In the first half of the year, I did a article covering some of the acts worth watching, and since then, other writers have come out in support of the rookies which have come to be affectionately known as Nugus.

Since then, the debut wave has not shown any sign of slowing down. In fact, three new groups (where there is usually just one or two) debuted on Music Bank in the week immediately after the Olympics.

While some of the debuts have been covered in other articles, there are some that have completely slipped through the radar. Here are impressions of two female groups after seeing them on music shows.

Jevice:

Debuting with Dream Tea Entertainment (the same people that brought us the ultimate love-hates Girl’s Day), these duo seem to be the company’s attempt to muscle in on the pretty female duo with great singing voices, which seems to be dominated by Davichi, and… Davichi.

Their song “I’ll Love” starts off pretty nicely, and the girls are certainly able to sing. Throw in some decent rapping by label mate Yura, and it sounds like a hit on paper. Except that…

The chorus really lets the side down. For one, minimal instrumentation paired with really strong vocals does make for an overly powering listen. While this could be justified as trying to showcase their vocal abilities, it also does mean that the song tends to sound like it’s trying to impress, rather than just flowing smoothly in the style of a typical Davichi single.

Vocal mixing has not been a Dream Tea Entertainment strong point, as shown by how a Girl’s Day single tends to sound whiny, given their obsession with making each girl sing in far higher octaves than their own voices. It would seem like a shame to downplay perfectly good voices for production shortcomings, and hopefully the second release could change for the better.

Tiny-G:

Billed as the girl group with the members having low average heights (at 153cm), but stage presence that says otherwise, as well as impressive B-Boying skills. Well, at least that was what the press blurb promised.

Happily, they do live up to that promise with a rather impressive stage comprising of some tough choreography more associated with male acts. It also did help that image wise, they did look the part of a dance heavy, less girlish act, with costumes that more resembled attires worn for dance practice.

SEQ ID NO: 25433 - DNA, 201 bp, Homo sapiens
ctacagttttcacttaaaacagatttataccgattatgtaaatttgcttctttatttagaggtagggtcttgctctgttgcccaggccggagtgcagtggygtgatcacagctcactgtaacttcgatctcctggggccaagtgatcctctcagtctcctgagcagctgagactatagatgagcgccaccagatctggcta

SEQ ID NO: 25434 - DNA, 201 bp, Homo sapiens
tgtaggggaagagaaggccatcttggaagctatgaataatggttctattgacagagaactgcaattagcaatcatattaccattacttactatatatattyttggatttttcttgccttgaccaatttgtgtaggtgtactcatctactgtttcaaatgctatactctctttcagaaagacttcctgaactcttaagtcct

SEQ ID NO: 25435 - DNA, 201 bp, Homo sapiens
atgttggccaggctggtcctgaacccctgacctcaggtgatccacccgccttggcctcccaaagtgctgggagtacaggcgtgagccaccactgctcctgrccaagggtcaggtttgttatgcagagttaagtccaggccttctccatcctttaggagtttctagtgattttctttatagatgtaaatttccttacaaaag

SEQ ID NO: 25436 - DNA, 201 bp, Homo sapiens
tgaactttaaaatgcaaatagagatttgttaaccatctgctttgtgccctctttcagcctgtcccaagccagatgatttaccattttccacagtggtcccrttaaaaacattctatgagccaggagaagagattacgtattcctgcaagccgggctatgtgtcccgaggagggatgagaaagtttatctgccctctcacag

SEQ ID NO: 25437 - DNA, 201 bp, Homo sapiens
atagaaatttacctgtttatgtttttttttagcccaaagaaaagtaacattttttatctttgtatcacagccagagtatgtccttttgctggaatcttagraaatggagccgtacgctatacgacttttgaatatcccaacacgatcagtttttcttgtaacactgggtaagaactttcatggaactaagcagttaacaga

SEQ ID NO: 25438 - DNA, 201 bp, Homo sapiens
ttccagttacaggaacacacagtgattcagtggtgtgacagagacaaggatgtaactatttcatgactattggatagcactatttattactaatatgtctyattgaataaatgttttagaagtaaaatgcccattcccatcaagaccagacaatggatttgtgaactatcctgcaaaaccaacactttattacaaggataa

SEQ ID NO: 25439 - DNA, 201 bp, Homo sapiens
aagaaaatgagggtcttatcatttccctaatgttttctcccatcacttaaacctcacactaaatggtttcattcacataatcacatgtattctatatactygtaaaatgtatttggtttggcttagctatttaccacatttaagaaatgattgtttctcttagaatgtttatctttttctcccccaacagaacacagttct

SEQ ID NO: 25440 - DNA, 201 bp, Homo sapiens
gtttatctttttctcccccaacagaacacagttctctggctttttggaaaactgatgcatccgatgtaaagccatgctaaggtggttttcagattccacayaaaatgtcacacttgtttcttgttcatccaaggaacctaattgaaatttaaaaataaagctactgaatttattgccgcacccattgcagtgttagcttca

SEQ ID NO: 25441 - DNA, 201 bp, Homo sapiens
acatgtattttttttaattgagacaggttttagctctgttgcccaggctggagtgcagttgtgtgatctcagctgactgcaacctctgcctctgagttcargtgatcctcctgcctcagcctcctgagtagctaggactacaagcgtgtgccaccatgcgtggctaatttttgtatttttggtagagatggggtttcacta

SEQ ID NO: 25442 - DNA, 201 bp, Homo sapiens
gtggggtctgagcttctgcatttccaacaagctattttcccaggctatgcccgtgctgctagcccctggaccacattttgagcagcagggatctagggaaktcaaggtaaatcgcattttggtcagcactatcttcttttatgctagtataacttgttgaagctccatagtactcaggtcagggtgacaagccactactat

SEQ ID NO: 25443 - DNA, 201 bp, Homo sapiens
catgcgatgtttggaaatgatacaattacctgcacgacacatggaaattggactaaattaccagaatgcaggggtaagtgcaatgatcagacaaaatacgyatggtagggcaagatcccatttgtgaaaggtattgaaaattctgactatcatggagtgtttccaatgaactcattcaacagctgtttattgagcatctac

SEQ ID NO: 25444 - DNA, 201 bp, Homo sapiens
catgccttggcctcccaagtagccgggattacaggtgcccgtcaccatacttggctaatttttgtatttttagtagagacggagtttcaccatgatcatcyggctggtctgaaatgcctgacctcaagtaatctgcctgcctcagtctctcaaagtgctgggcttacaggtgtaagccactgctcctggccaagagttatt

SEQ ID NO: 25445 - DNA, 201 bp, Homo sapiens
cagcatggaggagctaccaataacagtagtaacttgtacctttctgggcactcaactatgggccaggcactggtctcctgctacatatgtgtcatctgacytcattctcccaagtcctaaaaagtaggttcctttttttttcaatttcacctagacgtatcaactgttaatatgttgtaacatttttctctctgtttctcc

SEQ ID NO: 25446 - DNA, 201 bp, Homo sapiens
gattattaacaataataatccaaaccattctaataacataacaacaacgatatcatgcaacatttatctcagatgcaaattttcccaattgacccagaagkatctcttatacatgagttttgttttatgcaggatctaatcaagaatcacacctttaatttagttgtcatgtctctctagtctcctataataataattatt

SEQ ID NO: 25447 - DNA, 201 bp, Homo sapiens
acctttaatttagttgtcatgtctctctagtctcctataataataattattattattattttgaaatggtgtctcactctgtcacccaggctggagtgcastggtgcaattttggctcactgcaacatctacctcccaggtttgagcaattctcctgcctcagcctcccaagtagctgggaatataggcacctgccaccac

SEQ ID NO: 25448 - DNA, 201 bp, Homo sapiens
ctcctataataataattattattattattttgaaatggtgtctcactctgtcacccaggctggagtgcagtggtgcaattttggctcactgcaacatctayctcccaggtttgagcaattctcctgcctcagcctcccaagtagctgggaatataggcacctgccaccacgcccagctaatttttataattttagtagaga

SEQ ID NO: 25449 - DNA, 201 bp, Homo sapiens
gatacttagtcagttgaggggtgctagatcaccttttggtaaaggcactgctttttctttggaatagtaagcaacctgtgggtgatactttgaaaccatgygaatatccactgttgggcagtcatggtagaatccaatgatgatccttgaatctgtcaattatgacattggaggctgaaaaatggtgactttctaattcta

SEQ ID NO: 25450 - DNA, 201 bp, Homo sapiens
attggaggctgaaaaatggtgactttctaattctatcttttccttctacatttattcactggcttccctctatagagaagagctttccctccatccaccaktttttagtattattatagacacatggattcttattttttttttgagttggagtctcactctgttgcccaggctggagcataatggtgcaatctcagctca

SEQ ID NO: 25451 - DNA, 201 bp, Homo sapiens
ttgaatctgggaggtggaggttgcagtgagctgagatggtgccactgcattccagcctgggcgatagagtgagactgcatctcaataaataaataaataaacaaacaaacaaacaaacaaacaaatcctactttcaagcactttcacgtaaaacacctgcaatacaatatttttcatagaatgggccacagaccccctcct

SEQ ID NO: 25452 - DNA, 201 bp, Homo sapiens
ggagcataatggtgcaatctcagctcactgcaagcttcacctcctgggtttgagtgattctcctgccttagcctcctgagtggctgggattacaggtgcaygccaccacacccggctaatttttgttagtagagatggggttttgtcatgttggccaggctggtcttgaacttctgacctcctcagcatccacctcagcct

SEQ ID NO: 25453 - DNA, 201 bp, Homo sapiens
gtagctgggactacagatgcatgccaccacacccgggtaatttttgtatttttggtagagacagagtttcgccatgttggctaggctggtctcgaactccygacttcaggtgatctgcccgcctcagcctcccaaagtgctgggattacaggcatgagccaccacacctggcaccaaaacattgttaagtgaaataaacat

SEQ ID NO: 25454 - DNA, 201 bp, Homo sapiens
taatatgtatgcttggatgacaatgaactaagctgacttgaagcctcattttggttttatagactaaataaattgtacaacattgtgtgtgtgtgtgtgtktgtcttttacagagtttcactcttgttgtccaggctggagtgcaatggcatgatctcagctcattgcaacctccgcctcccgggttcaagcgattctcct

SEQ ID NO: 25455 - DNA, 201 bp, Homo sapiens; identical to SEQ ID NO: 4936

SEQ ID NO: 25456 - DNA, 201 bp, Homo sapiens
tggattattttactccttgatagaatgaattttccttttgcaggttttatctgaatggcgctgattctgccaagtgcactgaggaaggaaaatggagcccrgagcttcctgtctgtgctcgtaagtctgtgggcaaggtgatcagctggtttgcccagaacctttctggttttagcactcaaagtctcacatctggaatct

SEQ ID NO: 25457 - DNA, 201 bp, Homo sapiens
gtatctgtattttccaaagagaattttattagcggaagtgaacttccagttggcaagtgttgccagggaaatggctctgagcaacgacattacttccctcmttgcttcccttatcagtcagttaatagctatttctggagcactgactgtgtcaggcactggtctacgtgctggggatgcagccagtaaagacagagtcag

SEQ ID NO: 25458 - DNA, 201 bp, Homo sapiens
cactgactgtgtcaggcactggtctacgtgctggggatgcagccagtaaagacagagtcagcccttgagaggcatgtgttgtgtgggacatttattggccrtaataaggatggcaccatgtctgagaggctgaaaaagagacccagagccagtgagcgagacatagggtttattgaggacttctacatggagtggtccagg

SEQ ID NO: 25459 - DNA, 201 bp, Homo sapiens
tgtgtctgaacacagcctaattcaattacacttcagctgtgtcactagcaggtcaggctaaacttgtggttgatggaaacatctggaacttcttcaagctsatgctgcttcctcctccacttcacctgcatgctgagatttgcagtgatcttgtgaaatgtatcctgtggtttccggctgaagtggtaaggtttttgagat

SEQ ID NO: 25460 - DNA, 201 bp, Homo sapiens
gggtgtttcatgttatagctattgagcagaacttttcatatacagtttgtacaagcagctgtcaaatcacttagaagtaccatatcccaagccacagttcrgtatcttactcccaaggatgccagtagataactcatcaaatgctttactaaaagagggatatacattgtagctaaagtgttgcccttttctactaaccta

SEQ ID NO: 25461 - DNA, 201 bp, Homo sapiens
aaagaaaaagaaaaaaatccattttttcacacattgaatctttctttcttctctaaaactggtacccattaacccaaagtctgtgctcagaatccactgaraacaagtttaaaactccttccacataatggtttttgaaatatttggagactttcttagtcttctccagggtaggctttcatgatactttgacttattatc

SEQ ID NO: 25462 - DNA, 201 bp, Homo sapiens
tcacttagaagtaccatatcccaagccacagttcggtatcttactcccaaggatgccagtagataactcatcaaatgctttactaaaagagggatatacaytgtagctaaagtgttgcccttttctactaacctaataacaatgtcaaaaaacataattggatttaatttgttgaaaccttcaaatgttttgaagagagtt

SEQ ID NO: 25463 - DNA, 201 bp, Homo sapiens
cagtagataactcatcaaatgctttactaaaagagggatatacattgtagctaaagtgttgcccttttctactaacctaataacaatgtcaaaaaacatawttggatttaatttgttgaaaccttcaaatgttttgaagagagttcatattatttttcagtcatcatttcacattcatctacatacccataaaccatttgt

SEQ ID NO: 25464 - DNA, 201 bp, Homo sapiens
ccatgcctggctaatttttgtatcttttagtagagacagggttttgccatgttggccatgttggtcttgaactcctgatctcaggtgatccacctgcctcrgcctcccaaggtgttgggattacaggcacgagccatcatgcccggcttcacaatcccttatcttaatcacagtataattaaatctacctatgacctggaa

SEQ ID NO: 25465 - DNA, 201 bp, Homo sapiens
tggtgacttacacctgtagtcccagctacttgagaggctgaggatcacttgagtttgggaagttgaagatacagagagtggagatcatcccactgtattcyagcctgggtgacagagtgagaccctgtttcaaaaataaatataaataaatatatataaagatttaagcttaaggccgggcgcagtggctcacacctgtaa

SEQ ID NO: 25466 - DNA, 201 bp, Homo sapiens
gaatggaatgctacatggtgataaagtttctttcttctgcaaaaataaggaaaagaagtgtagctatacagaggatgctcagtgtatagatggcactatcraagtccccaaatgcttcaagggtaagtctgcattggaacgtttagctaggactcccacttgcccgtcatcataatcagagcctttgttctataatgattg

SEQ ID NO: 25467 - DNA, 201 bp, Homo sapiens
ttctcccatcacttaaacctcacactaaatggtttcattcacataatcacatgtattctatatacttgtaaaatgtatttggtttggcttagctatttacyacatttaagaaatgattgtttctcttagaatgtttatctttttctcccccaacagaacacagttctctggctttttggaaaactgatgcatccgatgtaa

The image and impressive stage presence did go some way towards compensating for their eponymously titled debut song, which appeared to be composed by some rather generic beats and at times was largely carried along by the singing.

Still, from the number of successful acts that manage to breathe life into dull singles, one should not possibly bet against their success.

Some other groups worth mentioning:

While these groups have been reviewed in other articles, it’s worth revisiting them, in light of how seeing a live performance or two of them could probably change impressions.

Unfortunately, changed impressions were not to be had with Tahiti, which Maria called one of the poorer debuts of the year. All of the criticisms that she had with the song “Tonight” were sadly also to be found in the live performances, where the song was largely made up of annoying synths, breathy vocals and repetitive phrases that got boring after a while.

The worst thing though, was how the song seemed to be mixed in such a way that it either exposed the members inability to sing, or it really made everybody on the track sound bad. Ideally, a solo performance would have helped in determining this.

On the other hand, seeing this live performance of AOA’s “Elvis”,  did change my impressions of them for the better. While the song still sounds like a mix-up of at least three to four different samples, the whole jamming with instruments on stage proved more fun to watch, as well as providing the group with a rather unique selling point – girls which can play instruments, and are not afraid to use them on stage. The fact that the instrumental stage ended up making the standard performance look typical probably proved that the instrument playing was a concept worth sticking to.

Summing up, while debut acts do have their flaws, and that there might be too many of them these days, there is always something about the potential that they have, as well as the boldness in what they do that still keeps one watching out for them. Plus, it is  always fun to root for the underdogs, as well as catch on good stuff before it becomes an open secret.

So Seoulmates, have there been any rookies that you have taken an interest in?

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